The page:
The absolute eBane of my life


C**t has outbid you! Would you like to bid again?

Yes, I bloody would. I really want this White Leather Sexy Must-Have Rhinestone 70s Catsuit. Actually no, I really need it. I can already feel it, this is going to become one of my most-worn, most-loved, staple closet items. It is going to be the flagship piece, the jewel in the crown, of my new capsule wardrobe. In fact, I think I’ll wear it to Park End this Wednesday, and then to my Old English tutorial the day after, and then to go as Gary Glitter to the Bad Taste bop, or, failing all that, I’ll just wear it in bed. In fact, maybe I won’t even wear it in bed. Maybe I’ll just hang it up on my wall and stroke it. I don’t care what the Fire Warden might say; if it’s a fire hazard, it’s my fire hazard. I’m going to tell everyone who sees it the story of how, in the last nail biting seconds, C**t bit the dust and I triumphed as The Highest Bidder. She came, she saw, and she took that bitch doooooown.

C**t has placed a bid of £178. Would you like to bid again?

My fingers stroke the keyboard. 48 seconds left. The red ticking time bomb in the centre of the screen makes me start to panic. I mean, when you actually think about it, numbers are just, like, squiggles, aren’t they? Like, what do they actually mean? At that moment, I have a brief out of body experience. I look down at myself. It’s 4.08am, and the milkman is delivering. I’m hunched over my laptop in Mr Men pyjamas, my leg is jigging up and down like a need a wee (I do, I’ve been glued to this auction for the last 53 minutes), and I’m talking to myself about Gary Glitter. Can you really do this to yourself, Rebecca? What would your mother say? What would the domestic bursar say? What would NatWest say? I sigh, click ‘cross’, and buy a consolatory pair of pineapple shaped earrings for 99p. Welcome to eBay.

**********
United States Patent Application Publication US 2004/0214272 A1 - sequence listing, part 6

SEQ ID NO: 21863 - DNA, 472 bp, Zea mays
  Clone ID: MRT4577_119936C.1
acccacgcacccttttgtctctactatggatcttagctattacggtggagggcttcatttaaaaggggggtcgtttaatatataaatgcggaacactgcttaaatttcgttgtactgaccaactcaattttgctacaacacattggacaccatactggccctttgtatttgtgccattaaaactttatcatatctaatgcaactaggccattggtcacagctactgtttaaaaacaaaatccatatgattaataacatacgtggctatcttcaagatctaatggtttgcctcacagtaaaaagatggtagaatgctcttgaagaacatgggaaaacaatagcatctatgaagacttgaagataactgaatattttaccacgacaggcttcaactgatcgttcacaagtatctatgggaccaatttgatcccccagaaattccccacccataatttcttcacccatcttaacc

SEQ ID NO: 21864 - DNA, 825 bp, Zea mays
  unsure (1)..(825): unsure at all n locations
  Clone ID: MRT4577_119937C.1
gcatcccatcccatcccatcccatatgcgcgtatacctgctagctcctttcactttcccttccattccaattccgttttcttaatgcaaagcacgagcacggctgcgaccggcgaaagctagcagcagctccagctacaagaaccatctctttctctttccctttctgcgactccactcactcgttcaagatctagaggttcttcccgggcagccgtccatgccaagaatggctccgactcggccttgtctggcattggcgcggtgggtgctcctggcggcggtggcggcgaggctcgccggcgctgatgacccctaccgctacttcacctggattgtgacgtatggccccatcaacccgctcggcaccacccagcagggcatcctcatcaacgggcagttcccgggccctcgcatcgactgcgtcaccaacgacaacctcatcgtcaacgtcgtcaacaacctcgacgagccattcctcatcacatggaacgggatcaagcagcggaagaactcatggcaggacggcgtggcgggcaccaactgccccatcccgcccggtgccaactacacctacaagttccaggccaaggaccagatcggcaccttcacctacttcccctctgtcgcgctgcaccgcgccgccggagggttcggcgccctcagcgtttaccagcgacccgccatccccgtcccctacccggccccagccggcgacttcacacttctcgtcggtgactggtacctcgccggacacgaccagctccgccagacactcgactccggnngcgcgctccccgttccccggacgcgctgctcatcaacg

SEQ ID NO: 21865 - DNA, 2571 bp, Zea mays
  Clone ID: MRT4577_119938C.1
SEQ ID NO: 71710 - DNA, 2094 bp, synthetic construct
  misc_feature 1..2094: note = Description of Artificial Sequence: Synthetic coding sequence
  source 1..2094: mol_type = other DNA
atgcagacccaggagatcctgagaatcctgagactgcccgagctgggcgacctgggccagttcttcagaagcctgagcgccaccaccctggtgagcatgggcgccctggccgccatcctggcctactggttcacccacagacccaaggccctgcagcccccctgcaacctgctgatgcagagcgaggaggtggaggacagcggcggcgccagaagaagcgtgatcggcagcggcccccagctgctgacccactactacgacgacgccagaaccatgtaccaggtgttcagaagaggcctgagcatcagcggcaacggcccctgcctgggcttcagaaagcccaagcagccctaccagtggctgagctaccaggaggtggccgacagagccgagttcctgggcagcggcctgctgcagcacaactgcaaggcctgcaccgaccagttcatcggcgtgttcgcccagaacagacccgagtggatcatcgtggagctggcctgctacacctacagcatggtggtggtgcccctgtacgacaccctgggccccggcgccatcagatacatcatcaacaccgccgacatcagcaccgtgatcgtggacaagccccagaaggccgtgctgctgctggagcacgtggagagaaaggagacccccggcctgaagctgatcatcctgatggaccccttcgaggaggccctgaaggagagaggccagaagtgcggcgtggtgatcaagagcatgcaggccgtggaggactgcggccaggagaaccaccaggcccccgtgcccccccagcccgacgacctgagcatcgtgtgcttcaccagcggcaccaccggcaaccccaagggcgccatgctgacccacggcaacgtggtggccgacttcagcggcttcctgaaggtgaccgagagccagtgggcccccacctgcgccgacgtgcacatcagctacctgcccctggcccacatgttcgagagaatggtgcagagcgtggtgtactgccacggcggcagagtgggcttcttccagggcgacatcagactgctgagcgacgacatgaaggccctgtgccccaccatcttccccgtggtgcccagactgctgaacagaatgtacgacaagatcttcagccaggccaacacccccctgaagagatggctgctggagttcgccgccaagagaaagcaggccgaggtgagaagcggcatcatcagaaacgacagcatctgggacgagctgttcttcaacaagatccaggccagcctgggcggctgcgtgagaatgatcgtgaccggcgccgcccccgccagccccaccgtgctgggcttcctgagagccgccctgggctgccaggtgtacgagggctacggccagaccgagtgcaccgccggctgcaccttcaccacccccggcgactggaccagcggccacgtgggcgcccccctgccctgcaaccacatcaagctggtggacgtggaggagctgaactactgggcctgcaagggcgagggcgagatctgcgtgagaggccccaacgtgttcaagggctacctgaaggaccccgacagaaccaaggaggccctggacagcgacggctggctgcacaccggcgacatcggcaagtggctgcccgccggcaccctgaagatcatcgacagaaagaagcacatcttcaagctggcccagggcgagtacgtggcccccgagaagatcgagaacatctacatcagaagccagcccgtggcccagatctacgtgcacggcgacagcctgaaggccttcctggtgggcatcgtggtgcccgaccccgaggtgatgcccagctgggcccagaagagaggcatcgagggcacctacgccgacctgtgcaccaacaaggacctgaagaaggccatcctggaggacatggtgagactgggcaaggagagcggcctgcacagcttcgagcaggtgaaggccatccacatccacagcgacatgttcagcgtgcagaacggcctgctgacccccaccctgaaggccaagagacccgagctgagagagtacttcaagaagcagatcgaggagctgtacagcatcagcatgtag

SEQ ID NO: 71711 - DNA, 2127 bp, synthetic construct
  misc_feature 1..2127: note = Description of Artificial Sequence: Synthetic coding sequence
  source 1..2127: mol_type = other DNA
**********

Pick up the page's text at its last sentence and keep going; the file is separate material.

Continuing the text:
The phenomenon of eBay is changing the way we shop. Since its start in 1995, there is no longer any need to leave the house. Who needs daylight anyway, when you can just as easily buy a 2001 Mega Sun Used Sunbed from cosmo2tan in India? EBay is a nowhere world, that is, paradoxically, fast-paced and frenzied, but also lonely and silent. It is an auction room of a billion, and just one. Bidding on eBay is like fighting in a retail war-zone, where you never see the faces of the people you shoot down. This cyberspace of cut-throat haggling and anonymous bitchiness is a place where speechless negotiation, soundless transaction and the electronic shaking of hands occur across the world by the second.

I find it highly distressing that I cannot see the person who has just outbid me. I’d appreciate a personal profile: you know, Favourite Colour, Favourite Food, Reason Why I’m Such a Dick etc. EBay cunningly obscures bidders’ usernames with the asterisk, presumably so you can’t hunt them down and kill them, not that the thought had ever crossed my mind. EBay does, however, permit you to take a look at their recent Bid History. This provides endless hours of fun, as the further you delve into someone’s bid history, the sharper the psychological portrait that materialises in the minds-eye. Take, for instance, bidder f******r, who has just, at the very last possible second, outbid me on a 1980s Oversized Lady’s Missoni Cardigan. A few clicks reveal their life and being. This is what I find:

Crafts > Glass Art & Mosaic Supplies

Home & Garden > Major Appliances

Collectibles > Collector Plates

Dolls & Bears > By Brand, Company, Character